Busy American cities often seem like major energy hogs. However, businesses based in urban areas don't have to fret, since these locations are actually better positioned to promote green principles. Margaret Walls of Resources for the Future wrote about the ways that cities can set the pace for energy use in a piece for The Wall Street Journal.
Walls mentioned several reasons why this is so, but two of the bigger general causes seem to be the growth of smarter technology and energy-friendly policies in these areas. Cities across the country have taken the initiative to disclose energy expenditures and develop programs that promote consistent energy improvements. Since using local materials can be part of a business' LEED status, considering all of the opportunities that come from a specific location is important.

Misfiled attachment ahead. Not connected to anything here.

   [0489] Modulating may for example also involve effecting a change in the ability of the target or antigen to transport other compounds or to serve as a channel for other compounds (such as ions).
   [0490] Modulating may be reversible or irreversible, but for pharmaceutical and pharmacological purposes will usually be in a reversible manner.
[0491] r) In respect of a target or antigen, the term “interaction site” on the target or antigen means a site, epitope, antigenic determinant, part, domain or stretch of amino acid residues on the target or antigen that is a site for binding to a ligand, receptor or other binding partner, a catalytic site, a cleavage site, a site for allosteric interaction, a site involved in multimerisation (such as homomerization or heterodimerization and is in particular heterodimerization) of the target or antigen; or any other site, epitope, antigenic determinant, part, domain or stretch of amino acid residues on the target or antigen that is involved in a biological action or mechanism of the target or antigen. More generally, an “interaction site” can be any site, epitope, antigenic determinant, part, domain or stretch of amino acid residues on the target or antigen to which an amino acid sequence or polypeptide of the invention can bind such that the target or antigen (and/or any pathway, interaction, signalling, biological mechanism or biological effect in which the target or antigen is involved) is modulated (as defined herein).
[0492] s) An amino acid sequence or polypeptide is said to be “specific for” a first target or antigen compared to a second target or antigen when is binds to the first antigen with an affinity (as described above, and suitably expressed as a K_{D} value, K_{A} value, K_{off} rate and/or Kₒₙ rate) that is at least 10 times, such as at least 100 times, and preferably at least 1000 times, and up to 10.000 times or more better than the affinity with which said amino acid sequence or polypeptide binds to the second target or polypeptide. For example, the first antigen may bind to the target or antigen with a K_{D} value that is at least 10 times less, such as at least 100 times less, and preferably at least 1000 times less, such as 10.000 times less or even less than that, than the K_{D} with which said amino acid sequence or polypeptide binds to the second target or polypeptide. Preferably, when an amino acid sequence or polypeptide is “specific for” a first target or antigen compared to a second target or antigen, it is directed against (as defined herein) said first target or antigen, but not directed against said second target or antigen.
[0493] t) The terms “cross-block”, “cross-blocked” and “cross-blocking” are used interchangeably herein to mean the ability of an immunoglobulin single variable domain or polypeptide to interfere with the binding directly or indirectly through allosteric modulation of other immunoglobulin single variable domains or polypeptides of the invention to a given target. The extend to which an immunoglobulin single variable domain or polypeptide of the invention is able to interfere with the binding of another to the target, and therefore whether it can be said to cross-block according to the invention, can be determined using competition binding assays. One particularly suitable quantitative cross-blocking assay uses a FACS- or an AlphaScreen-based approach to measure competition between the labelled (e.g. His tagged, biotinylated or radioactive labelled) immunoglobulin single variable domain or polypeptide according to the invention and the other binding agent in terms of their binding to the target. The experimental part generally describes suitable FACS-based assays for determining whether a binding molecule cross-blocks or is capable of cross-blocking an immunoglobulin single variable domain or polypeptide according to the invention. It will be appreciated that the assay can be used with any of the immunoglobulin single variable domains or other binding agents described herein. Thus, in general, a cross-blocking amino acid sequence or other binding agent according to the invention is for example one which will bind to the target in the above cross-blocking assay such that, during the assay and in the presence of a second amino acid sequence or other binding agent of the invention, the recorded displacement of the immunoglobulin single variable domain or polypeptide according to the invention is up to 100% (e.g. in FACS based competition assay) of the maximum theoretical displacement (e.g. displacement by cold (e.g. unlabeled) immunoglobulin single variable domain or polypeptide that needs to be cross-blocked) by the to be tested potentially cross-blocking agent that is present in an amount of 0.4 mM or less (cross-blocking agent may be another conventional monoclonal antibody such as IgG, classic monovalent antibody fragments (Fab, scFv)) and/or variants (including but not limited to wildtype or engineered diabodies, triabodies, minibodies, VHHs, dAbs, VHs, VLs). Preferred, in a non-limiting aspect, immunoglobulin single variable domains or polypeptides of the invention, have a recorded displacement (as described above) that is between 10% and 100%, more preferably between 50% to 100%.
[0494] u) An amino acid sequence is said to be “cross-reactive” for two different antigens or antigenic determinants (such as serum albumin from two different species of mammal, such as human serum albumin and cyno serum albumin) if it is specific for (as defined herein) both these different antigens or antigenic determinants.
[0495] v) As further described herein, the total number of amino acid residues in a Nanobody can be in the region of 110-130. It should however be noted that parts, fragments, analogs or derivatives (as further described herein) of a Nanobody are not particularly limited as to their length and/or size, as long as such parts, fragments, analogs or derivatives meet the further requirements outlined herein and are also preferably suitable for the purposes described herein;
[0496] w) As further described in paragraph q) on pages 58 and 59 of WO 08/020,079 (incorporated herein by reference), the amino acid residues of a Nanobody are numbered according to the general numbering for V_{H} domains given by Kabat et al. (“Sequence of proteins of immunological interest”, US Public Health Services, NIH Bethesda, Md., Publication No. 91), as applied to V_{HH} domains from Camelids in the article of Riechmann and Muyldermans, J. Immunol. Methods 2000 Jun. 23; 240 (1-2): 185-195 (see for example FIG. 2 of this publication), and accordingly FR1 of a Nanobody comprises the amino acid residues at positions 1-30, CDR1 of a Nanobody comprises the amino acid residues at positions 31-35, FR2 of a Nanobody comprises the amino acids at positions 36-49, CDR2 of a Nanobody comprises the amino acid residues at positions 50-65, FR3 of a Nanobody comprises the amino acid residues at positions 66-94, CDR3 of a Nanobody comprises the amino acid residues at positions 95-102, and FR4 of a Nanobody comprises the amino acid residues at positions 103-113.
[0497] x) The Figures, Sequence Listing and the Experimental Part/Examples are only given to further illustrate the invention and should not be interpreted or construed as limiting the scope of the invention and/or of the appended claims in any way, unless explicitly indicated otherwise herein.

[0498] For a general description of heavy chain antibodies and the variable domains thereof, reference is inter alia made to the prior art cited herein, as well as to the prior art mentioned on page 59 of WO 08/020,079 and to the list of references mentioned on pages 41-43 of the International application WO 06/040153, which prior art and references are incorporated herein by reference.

One example of a city taking green policies to heart is San Francisco. Earlier this year, Supervisor Scott Wiener promoted legislation that would mandate solar panel use on all new buildings in the city.
The Board of Supervisors approved the motion, putting San Francisco at the head of the pack for these sorts of policies. EcoWatch stated that it is "the first major city in the U.S." to make solar energy necessary for buildings as high as 10 stories. San Francisco wants to run on 100 percent renewable energy within the next nine years.
A February release from Wiener's office explained that the new legislation clarifies previous rules that required 15 percent of roofs to be "solar ready" on eligible buildings. The newer policy more specifically requires actual solar panels, although it allows solar photovoltaic or solar water panels for this purpose.
Find used office workstations through a local California provider to promote reusability. Businesses should pay attention to the opportunities in their city and look for furniture sources that will help them stay socially responsible.